THE FINDING OF THE “MAYFLOWER” | Rendel Harris, Read & Co. (1920), 58p
"The Discovery of the Mayflower" by Rendel Harris is a captivating account of how the remains of the famous ship that transported the Pilgrims to America were discovered in a quiet corner of England. As a historian and lecturer, Harris weaves a fascinating tale of detection, intrigue, and revelation that keeps readers engaged until the end.
The book’s preface lifts an infamous essay from G.K. Chesterton titled “They Myth of the Mayflower,” where he notes that the Puritan Pilgrims were religiously intolerant and fled to American shores to establish a more rigid commune of intolerance. Within short order, it clashed violently with the Quakers.
In 1920, Harris stumbled upon an old barn in Jordans, Buckinghamshire, which locals claimed contained timbers from the Mayflower. Intrigued, Harris began investigating the claim, using his extensive knowledge of maritime history and the Pilgrims' journey. His research led him to believe that parts of the barn were constructed using wood from the Mayflower.
HUNTER GATHER’S GUIDE TO THE 21st CENTURY | Heather Heying & Bret Weinstein, Swift Press, (2022), 301p.
Heather Heying and Bret Weinstein's "Hunter Gatherer's Guide to the 21st Century" offers a refreshing and insightful perspective on how humans can thrive in today's rapidly changing world. As evolutionary biologists, the authors bring a unique lens to the table, drawing upon our species' history to provide practical advice for navigating the complexities of modern life.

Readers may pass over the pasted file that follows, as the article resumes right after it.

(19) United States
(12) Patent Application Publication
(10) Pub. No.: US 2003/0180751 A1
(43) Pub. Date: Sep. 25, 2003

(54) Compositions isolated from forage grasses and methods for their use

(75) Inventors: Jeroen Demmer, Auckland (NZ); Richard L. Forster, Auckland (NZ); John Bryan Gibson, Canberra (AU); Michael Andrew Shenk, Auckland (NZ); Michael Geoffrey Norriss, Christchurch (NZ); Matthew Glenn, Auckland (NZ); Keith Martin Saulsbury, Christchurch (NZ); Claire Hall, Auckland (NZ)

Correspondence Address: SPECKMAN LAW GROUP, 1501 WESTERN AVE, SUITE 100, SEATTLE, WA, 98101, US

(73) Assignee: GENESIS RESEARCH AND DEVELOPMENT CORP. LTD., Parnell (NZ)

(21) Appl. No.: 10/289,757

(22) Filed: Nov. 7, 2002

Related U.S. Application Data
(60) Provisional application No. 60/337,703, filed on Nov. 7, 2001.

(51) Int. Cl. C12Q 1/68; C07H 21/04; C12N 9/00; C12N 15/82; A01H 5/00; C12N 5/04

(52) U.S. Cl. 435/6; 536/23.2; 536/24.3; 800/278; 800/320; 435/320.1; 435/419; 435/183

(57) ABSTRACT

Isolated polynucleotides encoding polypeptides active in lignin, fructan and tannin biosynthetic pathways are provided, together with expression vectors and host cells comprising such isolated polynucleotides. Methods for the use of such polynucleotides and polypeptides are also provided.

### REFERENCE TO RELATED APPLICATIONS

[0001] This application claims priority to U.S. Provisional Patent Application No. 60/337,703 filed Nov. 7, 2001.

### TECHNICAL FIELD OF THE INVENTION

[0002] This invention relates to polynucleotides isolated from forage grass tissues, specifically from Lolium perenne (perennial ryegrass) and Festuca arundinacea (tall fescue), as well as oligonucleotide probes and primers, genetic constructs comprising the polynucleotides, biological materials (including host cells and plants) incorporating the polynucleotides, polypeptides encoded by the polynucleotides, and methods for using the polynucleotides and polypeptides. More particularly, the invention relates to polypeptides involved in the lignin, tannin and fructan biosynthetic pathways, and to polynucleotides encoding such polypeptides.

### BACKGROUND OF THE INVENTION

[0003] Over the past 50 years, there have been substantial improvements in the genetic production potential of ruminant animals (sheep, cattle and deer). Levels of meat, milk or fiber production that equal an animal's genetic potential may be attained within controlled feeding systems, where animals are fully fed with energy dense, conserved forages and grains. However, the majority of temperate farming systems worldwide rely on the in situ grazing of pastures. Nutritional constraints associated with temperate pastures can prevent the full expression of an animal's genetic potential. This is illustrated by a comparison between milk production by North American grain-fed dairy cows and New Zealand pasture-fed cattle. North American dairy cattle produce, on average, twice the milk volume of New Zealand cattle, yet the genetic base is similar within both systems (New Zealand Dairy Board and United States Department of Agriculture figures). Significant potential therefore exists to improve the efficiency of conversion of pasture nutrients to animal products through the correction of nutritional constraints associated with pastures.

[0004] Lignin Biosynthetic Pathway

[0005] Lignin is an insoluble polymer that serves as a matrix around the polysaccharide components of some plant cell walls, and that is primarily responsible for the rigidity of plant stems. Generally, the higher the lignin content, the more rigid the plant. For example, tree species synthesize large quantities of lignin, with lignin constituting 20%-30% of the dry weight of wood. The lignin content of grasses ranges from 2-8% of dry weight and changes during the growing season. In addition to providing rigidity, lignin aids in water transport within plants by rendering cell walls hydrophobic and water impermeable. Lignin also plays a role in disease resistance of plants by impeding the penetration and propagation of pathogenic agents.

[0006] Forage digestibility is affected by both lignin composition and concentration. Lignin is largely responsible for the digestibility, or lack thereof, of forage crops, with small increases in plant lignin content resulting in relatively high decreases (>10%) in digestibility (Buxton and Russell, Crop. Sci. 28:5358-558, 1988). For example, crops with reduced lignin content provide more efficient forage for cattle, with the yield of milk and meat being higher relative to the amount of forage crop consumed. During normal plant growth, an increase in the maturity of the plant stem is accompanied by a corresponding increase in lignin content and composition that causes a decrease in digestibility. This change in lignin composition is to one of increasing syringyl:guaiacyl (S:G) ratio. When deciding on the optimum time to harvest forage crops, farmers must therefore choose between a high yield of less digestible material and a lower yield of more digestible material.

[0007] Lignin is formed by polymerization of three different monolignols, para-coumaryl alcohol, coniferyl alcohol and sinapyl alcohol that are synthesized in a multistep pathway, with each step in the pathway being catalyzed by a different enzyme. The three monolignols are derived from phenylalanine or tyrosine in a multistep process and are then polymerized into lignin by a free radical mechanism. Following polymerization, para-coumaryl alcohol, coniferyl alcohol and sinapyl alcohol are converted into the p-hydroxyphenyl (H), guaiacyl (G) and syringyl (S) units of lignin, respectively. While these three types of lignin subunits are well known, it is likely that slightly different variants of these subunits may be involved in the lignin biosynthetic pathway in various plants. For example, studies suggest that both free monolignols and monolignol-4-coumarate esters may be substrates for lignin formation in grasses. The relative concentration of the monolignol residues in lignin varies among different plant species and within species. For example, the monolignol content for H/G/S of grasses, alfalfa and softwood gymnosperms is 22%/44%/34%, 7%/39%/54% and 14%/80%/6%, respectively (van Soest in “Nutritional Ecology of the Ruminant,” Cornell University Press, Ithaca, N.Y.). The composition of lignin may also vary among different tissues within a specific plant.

The book is divided into four parts, tackling a distinct aspect of human existence. Part One, "Understanding Ourselves," delves into the evolutionary roots of human behavior, shedding light on why we act the way we do. From the role of dopamine in motivation to the importance of community, the authors provide a compelling explanation of our innate drives and desires.
Part Two, "Navigating the World," applies the same evolutionary framework to explore how our surroundings shape our actions and decisions. Topics range from the impact of urbanization on mental health to the influence of social media on our relationships. Throughout this section, Heying and Weinstein challenge readers to question their assumptions about the world around them.
In Part Three, "Building Resilience," the authors focus on strategies for cultivating individual resilience in adversity. They advocate for physical exercise, mindfulness, and creativity, all of which help us adapt to an ever-changing environment. This section also includes valuable discussions on managing stress, building meaningful relationships, and finding purpose in life.
Finally, Part Four, "Rethinking Society," takes a step back to examine the larger structures that govern our society. Here, the authors critique contemporary institutions such as education, healthcare, and government while offering proposals for positive change. Their arguments are well-supported and thought-provoking, encouraging readers to rethink their assumptions about the systems that shape our lives.